The 2018 Volvo XC60 is the company’s newest and safest offering. For a company with such a fanatical devotion to safety as Volvo, that’s saying something.
Steering assist has been added to Volvo’s City Safety system, allowing the XC60 to use its steering assist feature to help mitigate head-on and lane-changing collisions. It has available Pilot Assist — a feature somewhat similar to Tesla’s Autopilot — which takes care of steering, acceleration, and braking on well-marked highways up to 80 mph, as long as the driver keeps their hand lightly on the wheel. And, when not decked out in crash test orange, it’s also extremely handsome.
I have a secret love for crash test videos
But, unlike most carmakers who just focus on luxury and performance in their press releases, Volvo included video of the XC60 undergoing crash testing at the Volvo Safety Center in Gothenburg, Sweden in its announcement today.
As a former volunteer firefighter, I have a secret love of crash test videos — I’ve seen numerous real-world crashes up close, and I know what violence is done to cars smashing into each other at high-speeds. So, I appreciate safe cars and all the engineering and design work that goes into them.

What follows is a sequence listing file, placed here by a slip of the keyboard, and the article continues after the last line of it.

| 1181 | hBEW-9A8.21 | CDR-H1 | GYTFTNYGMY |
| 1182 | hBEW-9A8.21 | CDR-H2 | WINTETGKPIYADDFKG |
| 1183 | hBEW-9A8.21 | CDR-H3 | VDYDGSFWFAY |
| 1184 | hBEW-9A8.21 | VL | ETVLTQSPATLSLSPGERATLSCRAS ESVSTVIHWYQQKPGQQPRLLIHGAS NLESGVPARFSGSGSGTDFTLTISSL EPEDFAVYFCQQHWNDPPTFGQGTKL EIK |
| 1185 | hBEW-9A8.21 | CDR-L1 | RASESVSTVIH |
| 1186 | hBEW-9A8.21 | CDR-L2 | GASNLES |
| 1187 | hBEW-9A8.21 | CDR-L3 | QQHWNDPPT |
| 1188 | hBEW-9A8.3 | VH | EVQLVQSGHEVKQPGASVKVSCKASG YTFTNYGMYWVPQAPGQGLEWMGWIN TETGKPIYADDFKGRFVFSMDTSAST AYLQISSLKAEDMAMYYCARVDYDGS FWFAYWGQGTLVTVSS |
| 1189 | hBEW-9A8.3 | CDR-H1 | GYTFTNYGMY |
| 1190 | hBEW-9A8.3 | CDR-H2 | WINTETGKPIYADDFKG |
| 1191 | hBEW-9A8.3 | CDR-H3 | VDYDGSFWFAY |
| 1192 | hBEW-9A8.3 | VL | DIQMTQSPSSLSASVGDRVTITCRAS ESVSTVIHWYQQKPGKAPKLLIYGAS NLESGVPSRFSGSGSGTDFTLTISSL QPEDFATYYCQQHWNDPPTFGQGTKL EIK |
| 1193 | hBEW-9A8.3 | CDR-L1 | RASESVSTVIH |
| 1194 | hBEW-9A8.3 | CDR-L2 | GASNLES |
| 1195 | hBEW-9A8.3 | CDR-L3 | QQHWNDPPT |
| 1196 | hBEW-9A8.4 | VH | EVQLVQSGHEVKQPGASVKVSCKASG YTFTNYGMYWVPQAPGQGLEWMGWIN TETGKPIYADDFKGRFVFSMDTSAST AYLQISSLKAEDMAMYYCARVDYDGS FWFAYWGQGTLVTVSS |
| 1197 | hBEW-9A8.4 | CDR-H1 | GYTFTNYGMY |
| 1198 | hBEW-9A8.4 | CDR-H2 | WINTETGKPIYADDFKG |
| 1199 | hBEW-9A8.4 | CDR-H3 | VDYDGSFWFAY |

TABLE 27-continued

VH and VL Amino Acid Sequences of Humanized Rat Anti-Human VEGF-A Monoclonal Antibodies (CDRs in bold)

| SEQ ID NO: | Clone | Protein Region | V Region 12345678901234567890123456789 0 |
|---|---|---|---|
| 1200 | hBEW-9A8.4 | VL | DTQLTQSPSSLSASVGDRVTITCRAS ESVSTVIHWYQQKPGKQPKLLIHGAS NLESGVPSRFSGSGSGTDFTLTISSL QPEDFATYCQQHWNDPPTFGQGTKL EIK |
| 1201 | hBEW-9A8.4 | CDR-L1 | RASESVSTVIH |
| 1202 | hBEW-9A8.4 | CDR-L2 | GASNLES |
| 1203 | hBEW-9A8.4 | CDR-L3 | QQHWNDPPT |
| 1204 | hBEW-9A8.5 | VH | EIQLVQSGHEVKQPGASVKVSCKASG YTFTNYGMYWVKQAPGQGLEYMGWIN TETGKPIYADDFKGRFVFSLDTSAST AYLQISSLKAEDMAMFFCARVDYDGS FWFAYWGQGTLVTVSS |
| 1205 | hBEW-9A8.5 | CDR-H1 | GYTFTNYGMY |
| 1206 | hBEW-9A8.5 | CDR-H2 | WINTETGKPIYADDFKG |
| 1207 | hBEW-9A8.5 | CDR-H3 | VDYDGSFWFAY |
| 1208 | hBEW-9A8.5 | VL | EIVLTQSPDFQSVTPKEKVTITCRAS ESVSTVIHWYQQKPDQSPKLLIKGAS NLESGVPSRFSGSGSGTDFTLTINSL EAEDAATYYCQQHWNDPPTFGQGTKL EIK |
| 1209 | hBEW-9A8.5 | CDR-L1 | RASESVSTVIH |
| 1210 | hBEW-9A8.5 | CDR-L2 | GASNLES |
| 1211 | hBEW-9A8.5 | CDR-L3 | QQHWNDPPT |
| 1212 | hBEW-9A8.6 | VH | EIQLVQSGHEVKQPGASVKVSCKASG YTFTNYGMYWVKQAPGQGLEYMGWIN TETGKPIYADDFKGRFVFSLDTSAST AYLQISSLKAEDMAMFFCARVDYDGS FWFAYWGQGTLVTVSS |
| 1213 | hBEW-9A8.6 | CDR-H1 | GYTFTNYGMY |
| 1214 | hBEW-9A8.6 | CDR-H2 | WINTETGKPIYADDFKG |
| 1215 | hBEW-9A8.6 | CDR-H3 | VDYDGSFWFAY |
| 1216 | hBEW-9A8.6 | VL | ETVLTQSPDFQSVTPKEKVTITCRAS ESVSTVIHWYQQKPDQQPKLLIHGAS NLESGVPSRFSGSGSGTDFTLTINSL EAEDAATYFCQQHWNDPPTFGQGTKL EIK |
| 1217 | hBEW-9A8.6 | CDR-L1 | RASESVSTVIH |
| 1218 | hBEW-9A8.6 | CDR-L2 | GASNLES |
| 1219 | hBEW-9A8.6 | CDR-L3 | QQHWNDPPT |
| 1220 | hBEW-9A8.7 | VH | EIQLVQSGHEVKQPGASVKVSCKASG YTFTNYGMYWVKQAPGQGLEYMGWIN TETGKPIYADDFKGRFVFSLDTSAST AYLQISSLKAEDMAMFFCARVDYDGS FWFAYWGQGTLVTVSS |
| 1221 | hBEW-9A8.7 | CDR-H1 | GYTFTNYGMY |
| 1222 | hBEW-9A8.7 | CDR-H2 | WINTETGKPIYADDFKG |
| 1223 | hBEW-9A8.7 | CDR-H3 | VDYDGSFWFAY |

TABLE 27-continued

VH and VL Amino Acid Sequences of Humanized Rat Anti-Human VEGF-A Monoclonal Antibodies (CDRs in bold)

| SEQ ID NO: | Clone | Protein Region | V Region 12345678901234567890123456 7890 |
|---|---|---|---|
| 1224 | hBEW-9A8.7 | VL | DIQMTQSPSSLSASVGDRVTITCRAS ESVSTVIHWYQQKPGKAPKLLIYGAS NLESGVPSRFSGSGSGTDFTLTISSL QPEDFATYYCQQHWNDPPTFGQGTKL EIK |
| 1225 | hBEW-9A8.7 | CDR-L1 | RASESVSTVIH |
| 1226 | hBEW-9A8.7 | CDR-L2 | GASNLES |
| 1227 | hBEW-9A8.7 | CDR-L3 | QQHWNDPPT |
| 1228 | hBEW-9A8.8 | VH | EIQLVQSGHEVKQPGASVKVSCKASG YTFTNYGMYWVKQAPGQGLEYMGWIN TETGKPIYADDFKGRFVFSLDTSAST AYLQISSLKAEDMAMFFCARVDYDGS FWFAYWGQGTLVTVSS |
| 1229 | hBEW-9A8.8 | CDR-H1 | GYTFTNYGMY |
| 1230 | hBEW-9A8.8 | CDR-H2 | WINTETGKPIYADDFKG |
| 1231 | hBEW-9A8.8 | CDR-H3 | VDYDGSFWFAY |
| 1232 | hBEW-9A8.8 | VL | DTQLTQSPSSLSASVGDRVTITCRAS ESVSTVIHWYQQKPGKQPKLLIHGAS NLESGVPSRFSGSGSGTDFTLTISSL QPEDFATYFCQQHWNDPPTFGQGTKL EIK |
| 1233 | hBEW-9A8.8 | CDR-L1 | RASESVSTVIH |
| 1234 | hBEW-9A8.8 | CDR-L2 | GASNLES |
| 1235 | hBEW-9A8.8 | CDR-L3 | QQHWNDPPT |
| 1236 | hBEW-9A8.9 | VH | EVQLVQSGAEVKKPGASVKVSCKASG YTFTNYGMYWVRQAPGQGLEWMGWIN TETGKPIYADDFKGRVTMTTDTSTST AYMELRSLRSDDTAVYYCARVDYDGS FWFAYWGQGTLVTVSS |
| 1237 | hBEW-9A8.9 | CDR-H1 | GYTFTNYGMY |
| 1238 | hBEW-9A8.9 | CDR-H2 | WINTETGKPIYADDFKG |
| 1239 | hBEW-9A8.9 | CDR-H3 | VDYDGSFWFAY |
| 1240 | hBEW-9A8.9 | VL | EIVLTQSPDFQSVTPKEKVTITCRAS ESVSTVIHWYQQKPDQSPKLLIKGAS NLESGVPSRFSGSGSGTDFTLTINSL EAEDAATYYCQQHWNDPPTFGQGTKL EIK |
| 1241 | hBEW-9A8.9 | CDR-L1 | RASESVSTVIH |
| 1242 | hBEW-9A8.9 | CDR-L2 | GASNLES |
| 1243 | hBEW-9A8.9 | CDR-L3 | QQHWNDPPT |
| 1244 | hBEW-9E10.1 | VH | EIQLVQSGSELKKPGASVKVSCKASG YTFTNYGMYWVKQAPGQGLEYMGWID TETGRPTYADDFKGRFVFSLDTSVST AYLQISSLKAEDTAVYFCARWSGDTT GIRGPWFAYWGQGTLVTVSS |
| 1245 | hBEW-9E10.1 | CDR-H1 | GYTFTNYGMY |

The key thing to watch for in crash test videos is intrusion into the passenger compartment. Ideally, the cell where the humans are should remain intact, which means that the humans are more likely to remain intact. In the video at the top, you can see the roof of the XC60 doesn’t give at all as the car tumbles over and over, and the passengers remain protected.
In the frontal crash above, you can see the crash structure give way, absorbing much of the force of the crash and sending some of the engine and wheel structure downward instead of rearward into the passenger compartment. Again, there is very little in the way of intrusion into the cabin.
Finally, below we have a frontal offset crash test. These are particularly difficult for many carmakers to deal with as the full force of the crash is spread over a very small area of the car. Volvo deals with this by designing the vehicle to slide to the side as the crash occurs, moving the passengers away from the barrier as much as possible.
The new XC60 will go into production next month at Volvo’s Torslanda Plant in Sweden. It should hit dealers later this year. Pricing was not disclosed.